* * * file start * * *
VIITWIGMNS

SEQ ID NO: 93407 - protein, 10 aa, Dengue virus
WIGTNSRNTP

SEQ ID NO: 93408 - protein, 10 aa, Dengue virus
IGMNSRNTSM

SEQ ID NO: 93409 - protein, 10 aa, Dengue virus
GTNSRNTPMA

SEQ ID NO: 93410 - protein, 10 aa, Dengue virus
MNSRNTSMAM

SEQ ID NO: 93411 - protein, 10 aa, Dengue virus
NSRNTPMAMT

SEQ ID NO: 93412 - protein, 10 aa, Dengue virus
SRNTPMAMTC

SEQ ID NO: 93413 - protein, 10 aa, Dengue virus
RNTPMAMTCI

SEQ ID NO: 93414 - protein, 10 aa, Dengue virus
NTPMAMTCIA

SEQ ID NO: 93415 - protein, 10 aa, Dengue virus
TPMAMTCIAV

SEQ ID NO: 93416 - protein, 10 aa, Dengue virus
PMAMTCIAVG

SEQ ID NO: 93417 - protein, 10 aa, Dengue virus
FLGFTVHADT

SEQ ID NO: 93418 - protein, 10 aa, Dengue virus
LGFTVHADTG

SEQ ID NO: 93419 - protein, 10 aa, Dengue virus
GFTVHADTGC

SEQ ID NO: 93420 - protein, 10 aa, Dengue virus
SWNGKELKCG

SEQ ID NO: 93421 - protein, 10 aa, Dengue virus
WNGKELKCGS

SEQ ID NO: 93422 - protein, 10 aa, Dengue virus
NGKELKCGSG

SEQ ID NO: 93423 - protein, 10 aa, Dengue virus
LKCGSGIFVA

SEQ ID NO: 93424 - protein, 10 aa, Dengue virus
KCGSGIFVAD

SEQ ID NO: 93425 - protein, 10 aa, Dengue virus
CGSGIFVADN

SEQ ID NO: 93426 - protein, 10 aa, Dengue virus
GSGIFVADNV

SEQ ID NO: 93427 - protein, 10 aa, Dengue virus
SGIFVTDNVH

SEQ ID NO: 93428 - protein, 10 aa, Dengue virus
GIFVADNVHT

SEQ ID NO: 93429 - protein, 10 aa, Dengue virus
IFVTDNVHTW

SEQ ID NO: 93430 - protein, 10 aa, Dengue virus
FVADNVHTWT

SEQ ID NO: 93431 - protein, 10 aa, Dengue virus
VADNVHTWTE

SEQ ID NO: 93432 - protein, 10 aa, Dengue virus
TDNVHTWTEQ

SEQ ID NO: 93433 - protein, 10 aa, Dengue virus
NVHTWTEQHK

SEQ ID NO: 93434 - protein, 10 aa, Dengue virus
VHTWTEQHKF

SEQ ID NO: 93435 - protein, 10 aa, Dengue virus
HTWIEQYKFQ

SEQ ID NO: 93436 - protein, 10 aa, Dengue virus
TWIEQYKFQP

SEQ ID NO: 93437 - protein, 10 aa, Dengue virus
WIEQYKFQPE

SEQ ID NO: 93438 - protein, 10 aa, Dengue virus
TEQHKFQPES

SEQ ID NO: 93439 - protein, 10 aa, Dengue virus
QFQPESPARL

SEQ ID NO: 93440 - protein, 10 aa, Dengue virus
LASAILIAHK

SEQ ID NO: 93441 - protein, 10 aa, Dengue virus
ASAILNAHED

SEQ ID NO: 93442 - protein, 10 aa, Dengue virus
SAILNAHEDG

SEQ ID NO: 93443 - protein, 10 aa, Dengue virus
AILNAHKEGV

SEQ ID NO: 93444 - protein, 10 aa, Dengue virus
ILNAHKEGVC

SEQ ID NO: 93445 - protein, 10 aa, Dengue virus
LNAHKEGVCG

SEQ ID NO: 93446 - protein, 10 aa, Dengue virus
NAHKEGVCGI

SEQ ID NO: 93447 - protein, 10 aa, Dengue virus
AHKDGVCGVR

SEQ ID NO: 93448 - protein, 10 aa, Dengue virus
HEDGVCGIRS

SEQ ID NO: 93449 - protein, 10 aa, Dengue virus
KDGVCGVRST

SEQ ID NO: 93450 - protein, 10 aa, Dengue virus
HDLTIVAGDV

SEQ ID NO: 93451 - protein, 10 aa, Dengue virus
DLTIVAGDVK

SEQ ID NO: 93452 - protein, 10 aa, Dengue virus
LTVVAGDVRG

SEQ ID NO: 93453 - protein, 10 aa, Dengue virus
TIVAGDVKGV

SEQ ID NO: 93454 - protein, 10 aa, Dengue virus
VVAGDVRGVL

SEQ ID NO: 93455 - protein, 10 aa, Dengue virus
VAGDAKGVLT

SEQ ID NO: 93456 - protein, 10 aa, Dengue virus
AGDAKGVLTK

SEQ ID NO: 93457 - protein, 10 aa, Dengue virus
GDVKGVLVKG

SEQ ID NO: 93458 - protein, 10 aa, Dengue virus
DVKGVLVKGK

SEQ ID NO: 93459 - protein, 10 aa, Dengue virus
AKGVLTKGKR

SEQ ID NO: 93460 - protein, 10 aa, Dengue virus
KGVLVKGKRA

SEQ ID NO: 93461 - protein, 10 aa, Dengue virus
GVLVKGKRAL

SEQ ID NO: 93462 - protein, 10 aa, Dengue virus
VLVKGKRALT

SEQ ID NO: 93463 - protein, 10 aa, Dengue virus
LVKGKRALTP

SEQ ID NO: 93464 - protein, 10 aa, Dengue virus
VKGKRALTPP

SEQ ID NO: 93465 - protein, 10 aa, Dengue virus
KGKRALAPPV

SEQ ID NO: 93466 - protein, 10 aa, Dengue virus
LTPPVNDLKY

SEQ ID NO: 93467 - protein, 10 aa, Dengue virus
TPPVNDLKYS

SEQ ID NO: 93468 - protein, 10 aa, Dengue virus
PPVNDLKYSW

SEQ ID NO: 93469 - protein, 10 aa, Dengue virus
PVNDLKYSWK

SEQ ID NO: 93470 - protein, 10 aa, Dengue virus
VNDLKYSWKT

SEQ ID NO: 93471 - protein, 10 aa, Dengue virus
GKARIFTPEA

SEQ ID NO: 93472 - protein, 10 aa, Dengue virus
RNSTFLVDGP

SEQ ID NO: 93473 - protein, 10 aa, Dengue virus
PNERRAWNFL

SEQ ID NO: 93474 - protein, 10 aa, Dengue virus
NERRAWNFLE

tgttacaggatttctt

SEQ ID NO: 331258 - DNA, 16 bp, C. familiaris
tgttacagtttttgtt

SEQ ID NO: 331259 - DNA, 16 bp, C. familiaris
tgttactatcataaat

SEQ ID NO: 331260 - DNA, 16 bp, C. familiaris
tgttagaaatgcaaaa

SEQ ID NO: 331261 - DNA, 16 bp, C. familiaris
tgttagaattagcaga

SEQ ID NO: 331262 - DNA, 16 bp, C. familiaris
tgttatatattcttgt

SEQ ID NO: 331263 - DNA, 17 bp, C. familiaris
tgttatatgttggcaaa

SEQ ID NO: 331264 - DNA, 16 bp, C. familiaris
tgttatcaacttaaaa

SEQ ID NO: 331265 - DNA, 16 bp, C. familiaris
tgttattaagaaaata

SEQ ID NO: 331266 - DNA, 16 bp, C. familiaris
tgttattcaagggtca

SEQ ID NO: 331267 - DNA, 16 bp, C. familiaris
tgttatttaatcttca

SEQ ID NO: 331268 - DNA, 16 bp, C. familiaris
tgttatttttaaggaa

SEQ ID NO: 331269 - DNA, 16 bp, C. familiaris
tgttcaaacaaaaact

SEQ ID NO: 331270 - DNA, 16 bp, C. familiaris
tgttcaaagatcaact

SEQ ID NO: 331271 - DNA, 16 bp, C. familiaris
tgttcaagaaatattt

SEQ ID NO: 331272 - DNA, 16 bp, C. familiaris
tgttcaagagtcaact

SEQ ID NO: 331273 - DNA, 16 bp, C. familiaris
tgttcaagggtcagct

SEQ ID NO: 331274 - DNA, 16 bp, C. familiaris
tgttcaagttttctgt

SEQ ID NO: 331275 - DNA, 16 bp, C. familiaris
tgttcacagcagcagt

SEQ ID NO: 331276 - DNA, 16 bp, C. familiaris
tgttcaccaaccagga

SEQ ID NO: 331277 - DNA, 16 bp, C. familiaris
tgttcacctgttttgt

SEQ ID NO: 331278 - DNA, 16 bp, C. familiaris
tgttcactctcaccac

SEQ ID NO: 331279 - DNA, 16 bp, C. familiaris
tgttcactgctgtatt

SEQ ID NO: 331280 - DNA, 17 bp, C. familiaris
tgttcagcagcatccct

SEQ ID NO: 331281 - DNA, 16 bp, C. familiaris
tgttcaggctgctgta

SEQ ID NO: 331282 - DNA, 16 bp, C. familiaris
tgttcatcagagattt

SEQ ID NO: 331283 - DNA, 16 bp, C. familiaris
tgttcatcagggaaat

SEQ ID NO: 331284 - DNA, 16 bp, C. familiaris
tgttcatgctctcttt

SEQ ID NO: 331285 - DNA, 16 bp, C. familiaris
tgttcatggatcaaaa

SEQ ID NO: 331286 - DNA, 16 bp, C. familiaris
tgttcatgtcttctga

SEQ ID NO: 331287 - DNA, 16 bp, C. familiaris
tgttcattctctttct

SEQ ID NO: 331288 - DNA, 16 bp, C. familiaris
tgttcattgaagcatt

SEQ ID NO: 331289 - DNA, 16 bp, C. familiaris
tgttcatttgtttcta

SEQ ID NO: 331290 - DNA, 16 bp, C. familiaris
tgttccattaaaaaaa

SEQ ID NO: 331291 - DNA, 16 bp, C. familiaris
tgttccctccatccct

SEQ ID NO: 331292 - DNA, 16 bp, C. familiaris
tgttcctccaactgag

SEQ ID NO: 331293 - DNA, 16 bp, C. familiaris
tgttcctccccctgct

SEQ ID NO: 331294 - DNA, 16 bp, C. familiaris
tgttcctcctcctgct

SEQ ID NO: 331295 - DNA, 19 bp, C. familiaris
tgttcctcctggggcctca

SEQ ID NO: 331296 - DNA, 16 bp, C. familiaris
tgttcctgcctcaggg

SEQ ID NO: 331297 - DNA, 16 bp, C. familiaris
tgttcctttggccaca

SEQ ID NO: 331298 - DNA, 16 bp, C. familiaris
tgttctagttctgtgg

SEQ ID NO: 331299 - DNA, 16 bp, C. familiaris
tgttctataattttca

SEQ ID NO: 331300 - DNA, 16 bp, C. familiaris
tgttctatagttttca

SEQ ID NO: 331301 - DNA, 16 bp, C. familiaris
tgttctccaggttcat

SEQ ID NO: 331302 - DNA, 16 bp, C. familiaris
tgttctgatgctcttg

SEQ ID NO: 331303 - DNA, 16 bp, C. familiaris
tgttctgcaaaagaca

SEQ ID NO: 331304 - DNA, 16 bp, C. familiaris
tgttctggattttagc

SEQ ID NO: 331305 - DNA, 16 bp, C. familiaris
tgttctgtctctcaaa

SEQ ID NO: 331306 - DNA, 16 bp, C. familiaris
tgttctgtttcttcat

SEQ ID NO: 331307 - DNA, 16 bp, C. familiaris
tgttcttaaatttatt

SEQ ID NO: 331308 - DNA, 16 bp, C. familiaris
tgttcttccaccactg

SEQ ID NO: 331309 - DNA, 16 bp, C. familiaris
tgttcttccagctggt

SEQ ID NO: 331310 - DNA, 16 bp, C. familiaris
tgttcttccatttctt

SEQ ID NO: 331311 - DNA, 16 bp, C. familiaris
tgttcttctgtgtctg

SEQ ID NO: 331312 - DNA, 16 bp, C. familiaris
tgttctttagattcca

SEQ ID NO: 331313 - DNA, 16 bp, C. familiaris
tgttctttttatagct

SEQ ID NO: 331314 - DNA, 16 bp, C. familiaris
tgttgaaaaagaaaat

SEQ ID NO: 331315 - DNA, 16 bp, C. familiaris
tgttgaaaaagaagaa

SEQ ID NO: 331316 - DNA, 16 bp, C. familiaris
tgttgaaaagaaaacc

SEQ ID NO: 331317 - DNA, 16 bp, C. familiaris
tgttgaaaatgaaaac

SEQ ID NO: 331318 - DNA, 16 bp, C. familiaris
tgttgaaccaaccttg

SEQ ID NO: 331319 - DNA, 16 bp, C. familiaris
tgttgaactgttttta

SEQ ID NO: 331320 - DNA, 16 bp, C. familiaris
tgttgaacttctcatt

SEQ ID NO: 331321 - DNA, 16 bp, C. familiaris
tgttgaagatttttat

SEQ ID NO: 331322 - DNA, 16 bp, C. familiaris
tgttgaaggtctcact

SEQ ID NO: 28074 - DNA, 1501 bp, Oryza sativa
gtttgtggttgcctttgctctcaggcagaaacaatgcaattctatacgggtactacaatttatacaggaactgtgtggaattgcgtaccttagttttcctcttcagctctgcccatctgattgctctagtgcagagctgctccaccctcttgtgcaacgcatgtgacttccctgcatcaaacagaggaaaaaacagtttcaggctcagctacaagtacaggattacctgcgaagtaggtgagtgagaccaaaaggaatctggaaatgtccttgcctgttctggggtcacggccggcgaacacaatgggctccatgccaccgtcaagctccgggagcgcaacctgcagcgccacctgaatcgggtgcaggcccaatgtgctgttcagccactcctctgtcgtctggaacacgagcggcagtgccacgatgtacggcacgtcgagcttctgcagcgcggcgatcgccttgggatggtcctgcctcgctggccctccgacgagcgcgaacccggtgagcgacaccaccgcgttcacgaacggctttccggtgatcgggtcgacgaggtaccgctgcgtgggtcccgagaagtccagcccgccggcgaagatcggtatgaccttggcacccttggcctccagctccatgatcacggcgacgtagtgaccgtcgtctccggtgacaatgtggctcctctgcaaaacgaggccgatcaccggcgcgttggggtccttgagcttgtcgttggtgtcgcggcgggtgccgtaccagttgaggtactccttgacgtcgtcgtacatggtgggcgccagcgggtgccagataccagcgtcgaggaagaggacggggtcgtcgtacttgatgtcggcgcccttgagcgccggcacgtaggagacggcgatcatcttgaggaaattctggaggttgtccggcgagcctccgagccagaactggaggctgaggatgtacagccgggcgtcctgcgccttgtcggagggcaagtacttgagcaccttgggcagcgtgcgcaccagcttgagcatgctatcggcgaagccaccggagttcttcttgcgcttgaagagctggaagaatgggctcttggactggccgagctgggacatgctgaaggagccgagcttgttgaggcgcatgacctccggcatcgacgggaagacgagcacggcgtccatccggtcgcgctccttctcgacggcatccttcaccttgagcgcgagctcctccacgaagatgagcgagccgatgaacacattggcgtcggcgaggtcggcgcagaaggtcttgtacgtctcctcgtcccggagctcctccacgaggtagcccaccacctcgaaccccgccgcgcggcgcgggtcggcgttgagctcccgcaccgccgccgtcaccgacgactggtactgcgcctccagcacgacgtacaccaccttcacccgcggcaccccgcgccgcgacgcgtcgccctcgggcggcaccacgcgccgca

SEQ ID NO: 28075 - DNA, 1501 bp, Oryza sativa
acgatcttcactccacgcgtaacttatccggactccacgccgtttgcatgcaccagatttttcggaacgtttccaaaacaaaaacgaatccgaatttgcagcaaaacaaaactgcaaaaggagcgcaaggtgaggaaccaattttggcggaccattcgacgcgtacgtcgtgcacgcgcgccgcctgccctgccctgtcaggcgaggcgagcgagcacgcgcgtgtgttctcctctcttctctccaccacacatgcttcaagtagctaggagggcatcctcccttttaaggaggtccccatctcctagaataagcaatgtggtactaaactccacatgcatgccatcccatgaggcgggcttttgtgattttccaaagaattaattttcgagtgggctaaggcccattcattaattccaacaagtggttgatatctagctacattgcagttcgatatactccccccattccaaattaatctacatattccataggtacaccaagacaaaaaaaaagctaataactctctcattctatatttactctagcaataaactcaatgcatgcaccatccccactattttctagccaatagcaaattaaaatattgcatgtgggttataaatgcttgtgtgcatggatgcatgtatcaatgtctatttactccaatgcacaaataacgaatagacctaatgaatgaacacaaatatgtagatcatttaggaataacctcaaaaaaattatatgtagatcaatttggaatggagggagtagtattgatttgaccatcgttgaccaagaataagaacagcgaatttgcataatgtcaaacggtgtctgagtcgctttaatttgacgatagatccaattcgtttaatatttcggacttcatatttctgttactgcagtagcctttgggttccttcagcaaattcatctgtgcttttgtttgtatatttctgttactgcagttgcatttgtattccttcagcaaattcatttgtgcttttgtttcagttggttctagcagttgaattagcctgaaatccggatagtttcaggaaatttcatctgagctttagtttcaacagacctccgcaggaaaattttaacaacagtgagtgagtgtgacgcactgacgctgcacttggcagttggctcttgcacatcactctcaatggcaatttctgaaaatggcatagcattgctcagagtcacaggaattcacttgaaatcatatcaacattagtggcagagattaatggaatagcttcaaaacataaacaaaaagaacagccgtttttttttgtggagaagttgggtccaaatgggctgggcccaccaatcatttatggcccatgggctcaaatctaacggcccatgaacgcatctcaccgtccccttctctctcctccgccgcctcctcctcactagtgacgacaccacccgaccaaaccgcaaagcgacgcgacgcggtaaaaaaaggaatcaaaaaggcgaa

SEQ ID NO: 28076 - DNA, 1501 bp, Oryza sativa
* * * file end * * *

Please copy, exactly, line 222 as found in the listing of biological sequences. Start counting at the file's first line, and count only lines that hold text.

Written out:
tgttctataattttca